NASA’s asteroid hunters have identified another five closing flybys due this week, but even more worryingly, they have also identified a spacecraft that will soon pass between Earth and the moon.
In very alarming news from NASA’s Center for Near Earth Object Studies (CNEOS), asteroid hunters have identified a “potentially dangerous” asteroid due to pass the Earth in September at a quiet distance of 71,805 km – just a fifth of the distance between us and the moon (384,399 km).
Asteroid 2011 ES4, measuring 160 feet (49 meters), is expected to buzz the Earth at 29,375 km / h on September 1 at 10:49 am EDT (3:49 pm BST).
Given its somewhat small diameter, although it would deviate from the course and actually strike us, it would not be the end of life as we know it, although it would certainly pack a punch.
For that matter, the Chelyabinsk meteor that exploded above Russia on February 1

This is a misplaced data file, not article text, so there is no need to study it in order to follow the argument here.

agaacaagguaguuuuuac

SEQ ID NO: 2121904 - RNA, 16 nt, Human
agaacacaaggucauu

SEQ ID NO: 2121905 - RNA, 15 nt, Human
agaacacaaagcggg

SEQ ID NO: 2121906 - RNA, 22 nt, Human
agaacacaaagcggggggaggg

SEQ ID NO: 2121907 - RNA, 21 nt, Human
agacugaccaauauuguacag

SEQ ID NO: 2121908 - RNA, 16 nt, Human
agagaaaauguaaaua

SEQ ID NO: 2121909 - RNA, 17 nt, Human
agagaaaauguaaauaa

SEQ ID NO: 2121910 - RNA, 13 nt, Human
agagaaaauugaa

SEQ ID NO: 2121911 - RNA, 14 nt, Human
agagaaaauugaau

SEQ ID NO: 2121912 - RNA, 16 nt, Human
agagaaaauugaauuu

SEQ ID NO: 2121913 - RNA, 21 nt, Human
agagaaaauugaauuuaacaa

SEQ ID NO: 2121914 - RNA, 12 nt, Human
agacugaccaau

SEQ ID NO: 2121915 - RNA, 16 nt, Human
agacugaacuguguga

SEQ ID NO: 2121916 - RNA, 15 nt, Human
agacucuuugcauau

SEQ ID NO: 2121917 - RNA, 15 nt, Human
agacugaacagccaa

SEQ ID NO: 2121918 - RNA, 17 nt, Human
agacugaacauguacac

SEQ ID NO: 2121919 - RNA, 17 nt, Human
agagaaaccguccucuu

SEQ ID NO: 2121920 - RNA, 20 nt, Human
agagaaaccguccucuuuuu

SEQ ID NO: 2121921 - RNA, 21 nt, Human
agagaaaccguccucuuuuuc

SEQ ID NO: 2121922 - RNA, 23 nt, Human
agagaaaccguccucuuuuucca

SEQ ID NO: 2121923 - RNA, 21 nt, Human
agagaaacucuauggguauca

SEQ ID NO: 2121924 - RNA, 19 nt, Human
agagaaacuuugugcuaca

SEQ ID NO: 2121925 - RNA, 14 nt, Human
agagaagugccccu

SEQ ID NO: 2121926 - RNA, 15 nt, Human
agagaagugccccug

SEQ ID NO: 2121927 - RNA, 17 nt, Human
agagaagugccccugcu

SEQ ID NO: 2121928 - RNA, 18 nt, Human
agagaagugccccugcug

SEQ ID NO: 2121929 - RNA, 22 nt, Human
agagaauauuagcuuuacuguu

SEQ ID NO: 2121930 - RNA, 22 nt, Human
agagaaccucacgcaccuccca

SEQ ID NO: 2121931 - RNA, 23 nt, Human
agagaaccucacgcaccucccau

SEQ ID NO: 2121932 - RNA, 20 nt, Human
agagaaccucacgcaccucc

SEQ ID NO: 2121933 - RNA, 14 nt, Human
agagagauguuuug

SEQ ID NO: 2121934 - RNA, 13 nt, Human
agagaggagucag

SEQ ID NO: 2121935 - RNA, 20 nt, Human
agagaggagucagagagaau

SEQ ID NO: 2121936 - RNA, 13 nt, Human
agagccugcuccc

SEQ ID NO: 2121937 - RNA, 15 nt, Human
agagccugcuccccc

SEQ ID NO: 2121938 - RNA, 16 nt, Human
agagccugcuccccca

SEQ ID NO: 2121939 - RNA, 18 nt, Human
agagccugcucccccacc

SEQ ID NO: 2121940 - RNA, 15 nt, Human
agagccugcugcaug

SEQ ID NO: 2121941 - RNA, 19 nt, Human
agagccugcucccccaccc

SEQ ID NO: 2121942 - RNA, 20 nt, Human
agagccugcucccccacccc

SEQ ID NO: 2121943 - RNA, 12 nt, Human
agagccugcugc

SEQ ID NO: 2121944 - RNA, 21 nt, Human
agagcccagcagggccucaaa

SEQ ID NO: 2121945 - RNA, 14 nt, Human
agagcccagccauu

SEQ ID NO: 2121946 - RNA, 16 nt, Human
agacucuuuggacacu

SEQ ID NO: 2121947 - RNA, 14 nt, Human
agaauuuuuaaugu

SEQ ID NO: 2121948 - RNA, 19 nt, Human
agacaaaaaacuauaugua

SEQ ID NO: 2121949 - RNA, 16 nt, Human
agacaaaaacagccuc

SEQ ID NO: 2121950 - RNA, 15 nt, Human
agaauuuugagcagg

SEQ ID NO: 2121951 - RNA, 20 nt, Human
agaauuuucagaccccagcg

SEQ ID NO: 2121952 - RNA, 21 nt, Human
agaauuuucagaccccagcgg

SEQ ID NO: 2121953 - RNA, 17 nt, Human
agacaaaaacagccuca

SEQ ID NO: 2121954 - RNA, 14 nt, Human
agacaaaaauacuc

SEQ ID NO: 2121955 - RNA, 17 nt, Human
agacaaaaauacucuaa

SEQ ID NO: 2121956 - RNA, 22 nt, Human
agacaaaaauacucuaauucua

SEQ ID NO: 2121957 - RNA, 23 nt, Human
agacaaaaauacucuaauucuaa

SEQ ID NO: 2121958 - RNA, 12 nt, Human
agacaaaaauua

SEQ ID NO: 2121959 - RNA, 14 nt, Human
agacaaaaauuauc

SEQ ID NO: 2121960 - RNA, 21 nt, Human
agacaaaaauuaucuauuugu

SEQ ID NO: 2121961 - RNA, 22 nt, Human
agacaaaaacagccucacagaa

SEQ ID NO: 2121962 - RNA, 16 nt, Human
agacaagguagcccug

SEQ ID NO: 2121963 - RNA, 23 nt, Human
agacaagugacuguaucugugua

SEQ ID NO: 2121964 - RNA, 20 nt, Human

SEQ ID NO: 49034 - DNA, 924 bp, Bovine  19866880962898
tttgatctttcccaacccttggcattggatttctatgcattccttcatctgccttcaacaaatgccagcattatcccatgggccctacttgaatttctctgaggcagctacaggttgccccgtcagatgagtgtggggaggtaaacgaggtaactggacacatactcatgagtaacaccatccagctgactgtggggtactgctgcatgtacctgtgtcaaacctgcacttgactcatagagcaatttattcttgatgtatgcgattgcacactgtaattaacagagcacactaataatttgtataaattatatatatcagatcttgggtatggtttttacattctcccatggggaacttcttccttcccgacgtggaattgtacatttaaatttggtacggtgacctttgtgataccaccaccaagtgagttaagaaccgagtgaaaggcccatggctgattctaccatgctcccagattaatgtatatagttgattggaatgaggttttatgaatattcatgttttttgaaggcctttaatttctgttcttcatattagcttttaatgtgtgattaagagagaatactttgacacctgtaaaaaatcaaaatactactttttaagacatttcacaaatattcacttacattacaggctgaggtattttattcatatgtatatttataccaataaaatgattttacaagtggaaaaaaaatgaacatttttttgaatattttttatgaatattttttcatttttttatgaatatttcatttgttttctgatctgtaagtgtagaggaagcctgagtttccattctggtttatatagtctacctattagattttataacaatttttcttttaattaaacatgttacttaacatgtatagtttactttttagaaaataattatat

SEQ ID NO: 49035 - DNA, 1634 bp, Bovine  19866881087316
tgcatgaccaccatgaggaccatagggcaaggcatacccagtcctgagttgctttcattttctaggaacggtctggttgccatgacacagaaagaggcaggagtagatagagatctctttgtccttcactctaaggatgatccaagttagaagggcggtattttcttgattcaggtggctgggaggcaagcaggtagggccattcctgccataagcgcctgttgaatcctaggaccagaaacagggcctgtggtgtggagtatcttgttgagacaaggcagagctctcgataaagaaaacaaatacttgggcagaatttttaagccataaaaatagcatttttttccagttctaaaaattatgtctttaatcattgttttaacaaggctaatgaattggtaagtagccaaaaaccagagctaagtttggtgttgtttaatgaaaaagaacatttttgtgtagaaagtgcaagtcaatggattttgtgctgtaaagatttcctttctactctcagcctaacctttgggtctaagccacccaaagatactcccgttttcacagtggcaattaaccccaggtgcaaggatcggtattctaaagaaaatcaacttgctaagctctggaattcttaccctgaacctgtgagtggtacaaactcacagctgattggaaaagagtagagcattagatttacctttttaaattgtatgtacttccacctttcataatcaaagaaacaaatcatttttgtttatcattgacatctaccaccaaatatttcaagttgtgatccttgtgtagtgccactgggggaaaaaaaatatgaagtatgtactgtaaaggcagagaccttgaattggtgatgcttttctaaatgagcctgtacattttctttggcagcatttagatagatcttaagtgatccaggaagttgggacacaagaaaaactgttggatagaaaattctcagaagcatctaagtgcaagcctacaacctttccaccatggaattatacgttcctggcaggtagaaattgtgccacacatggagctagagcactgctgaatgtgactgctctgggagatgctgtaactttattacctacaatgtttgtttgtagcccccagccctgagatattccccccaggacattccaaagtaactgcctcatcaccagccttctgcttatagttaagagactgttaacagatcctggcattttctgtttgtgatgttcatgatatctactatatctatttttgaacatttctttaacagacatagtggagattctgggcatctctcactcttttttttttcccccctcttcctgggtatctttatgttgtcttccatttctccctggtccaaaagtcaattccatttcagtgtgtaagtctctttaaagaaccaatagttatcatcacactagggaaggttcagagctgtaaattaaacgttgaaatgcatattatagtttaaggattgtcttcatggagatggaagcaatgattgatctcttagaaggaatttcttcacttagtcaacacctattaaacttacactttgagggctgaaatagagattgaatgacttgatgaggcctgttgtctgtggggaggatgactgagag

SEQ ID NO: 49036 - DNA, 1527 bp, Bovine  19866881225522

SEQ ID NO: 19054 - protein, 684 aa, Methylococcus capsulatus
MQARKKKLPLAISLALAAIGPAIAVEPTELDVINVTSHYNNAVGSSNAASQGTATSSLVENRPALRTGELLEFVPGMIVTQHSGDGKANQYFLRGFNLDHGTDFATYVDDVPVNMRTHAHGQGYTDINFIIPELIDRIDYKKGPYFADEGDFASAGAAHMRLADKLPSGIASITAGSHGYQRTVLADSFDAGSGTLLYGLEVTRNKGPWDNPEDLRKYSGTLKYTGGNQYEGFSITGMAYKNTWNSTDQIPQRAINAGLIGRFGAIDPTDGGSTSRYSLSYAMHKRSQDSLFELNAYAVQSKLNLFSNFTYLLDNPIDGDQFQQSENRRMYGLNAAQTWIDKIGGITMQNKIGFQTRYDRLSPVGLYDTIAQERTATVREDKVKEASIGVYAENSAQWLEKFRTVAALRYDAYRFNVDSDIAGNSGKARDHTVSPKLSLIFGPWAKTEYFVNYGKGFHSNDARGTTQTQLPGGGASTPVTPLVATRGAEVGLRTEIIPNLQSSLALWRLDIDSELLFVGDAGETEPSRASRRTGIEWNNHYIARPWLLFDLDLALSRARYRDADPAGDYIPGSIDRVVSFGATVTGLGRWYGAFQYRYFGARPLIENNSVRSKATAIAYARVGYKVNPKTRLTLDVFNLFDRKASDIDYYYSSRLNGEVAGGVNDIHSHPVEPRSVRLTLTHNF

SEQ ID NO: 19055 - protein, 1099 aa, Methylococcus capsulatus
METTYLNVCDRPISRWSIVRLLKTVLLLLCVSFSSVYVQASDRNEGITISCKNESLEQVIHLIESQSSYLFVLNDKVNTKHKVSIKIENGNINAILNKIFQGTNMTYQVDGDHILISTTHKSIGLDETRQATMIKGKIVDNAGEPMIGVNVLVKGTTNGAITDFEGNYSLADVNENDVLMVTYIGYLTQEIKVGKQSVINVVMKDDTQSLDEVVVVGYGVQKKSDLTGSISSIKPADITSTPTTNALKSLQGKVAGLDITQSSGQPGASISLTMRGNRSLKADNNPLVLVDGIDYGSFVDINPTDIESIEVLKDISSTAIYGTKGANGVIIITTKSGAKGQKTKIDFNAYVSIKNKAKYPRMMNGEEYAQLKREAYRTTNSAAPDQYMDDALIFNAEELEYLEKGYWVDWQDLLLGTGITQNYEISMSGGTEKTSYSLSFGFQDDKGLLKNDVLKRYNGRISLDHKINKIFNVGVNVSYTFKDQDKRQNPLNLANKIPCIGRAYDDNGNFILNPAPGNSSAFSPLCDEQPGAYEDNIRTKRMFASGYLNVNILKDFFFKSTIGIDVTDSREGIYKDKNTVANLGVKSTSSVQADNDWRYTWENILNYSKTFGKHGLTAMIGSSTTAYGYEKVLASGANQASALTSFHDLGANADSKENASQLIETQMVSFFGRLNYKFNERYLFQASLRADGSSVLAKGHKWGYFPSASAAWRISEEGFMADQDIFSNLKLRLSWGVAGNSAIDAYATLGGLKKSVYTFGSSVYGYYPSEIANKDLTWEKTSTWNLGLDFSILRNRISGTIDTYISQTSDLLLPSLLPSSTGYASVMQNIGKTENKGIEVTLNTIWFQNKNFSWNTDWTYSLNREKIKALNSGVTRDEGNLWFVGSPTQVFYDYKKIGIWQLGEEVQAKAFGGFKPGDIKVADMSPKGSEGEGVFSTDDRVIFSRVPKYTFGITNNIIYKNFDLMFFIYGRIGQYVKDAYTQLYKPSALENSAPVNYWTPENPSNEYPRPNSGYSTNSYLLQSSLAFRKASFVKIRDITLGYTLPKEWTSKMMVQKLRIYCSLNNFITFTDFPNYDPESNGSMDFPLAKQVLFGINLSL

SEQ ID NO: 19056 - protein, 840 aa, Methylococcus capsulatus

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It exploded with up to 33 times the energy released from the atomic bomb dropped on Hiroshima. About 1,491 people were injured in the incident, mostly from debris such as broken glass or from burns on the skin due to the brightness of the explosion, which was 30 times more intense than the sun.
At least 112 must be hospitalized immediately after the incident, two in serious condition.
So in the unlikely event that ES4 2011, nearly three times the size of the Chelyabinsk meteor, would take a detour and visit us even closer than expected, the damage could potentially be significant.
Meanwhile, on Monday, two asteroids measuring at least 30 meters, 2020 KJ7 (30m, about half of the inclined tower in Pisa) and 2009 OS5 (42m, or half the size of the Statue of Liberty) will pass us at a distance of 4.5 million and 6.75 million kilometers respectively.
On Tuesday, the asteroid 2020 MQ2 (42m), which measures five London buses in diameter, will pass us at 6.4 million kilometers, followed on Thursday by NM 2020 (21m or one and a half times the height of the Hollywood sign), which will shoot past us at a safe distance of four million kilometers.
Picking up the rear on Friday will be the Arc de Triomphe-sized 2020 MX (48m), which will fly by at 5.6 million kilometers and end another week with relatively close calls for our home planet.
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